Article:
3G/4G modems - Alternatives?


Not saying that they will put anything in there.

If we need a small example perhaps relaying to a server the IEMI number with time date and connected cellular tower identification.


I think the emphasis was on “M.2”. That link is for the module with LGA connectivity.


The information is good but doesn’t tell us what is active on the m.2.


Good one, but if you really care, you neither trust the module nor the tower. IOW, assume that both spy on you. So, even if you had a blob-free modem, you would turn it off if you don’t want your location to be known. And that’s why I ask: Is it really an additional concern?
I still can’t think of something the modem (in the Librem 5) can do/know that the tower can’t.


I know that and I am not getting you wrong. It is just something that I wanted to make straight and (even it does not belong here) it has had just something to do with understanding of the broader picture/complexity of this campaign.


Anything sent by the modem to a cell tower can be collected by the cell tower and related elsewhere. The same is true of the carriers other hardware and software in the system. The question would be who wants the information and which path is best to obtain it. Best could mean most discreet or least difficult.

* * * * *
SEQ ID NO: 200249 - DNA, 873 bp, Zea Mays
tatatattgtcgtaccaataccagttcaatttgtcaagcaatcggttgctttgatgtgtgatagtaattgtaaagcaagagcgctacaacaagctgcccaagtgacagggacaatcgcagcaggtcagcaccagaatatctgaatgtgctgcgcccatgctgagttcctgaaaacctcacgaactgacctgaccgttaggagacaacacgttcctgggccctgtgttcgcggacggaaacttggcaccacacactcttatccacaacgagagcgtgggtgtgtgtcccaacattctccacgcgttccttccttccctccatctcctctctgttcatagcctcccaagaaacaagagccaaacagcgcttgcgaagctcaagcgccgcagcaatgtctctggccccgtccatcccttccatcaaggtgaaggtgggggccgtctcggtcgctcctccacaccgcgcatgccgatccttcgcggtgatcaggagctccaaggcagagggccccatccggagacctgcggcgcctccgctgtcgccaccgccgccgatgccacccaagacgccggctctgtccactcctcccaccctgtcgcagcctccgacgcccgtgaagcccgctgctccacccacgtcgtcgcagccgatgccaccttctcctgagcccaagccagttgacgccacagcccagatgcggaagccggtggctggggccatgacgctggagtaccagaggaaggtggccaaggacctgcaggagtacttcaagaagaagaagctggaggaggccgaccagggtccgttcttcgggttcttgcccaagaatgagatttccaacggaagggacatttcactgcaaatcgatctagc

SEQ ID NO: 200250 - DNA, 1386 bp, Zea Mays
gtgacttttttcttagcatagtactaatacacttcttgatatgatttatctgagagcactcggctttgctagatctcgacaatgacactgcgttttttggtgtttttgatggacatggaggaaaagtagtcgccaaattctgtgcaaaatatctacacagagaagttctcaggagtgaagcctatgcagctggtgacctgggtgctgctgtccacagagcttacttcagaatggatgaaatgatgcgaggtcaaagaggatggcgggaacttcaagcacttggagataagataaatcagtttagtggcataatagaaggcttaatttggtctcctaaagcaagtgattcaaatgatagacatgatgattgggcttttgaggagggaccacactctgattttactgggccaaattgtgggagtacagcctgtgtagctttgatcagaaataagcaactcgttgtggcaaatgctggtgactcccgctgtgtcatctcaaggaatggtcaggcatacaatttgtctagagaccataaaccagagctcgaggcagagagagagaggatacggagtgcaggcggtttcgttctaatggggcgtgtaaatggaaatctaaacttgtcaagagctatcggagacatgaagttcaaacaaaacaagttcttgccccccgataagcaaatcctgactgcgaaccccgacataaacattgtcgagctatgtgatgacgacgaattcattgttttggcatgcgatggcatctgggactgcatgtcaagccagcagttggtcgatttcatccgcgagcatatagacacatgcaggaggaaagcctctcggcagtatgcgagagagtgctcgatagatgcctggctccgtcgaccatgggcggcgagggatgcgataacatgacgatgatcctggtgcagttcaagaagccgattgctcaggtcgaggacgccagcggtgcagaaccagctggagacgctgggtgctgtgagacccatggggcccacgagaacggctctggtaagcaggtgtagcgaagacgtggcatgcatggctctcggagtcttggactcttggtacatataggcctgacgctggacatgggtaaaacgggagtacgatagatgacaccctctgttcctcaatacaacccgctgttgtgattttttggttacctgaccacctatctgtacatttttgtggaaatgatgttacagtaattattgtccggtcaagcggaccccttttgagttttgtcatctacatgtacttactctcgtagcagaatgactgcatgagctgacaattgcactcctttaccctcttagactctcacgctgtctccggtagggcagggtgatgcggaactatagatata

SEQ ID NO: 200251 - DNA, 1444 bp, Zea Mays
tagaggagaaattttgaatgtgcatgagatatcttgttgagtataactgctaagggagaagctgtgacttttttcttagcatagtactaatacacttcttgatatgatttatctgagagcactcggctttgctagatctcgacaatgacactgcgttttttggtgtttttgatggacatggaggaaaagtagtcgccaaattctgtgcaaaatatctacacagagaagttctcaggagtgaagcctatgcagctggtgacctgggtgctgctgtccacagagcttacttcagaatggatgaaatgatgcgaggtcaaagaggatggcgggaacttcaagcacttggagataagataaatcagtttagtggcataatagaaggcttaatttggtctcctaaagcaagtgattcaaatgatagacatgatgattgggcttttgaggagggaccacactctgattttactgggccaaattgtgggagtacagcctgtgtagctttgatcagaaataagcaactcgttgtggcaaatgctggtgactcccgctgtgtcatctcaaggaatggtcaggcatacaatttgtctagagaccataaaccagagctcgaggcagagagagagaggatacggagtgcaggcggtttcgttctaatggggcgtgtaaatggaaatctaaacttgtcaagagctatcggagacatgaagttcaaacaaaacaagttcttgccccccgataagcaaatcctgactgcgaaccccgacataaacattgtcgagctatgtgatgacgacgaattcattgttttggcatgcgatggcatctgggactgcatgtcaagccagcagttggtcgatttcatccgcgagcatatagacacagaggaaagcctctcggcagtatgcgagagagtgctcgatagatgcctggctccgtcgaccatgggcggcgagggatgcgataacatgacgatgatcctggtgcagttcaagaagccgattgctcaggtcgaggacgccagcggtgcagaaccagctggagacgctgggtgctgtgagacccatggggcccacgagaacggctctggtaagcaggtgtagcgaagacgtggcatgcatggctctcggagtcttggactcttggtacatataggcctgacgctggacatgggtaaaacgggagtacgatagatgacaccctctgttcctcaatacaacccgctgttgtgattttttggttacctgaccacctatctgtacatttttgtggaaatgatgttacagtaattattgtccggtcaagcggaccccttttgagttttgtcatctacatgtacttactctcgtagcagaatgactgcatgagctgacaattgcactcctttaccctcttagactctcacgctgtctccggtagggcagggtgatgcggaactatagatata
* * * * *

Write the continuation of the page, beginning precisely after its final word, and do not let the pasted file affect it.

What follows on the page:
Eg. A carrier would be less likely to notice if the routing was done from the phone than their own cell tower hardware.

Eg. 2 Australian metadata laws and anti encryption laws could have them request the Thales Group to send the previously mentioned data to a server for storage. As knowing where the device is wouldn’t be determined until location information is available it would be likely all modems would have the firmware updates and information deleted or not sent if not located in Australia. I use the Thales Group as a strong example as they have strong ties to the Australian defence forces.


There is no need to work on the antenna itself.
All you need is your own antenna to monitor a given area or a virtual mobile operator to monitor the whole world.

Injecting infected firmware into Gemalto’s production line to monitor a few thousand Purism customers is absurd when you can collect data on tens of millions of users without too much effort.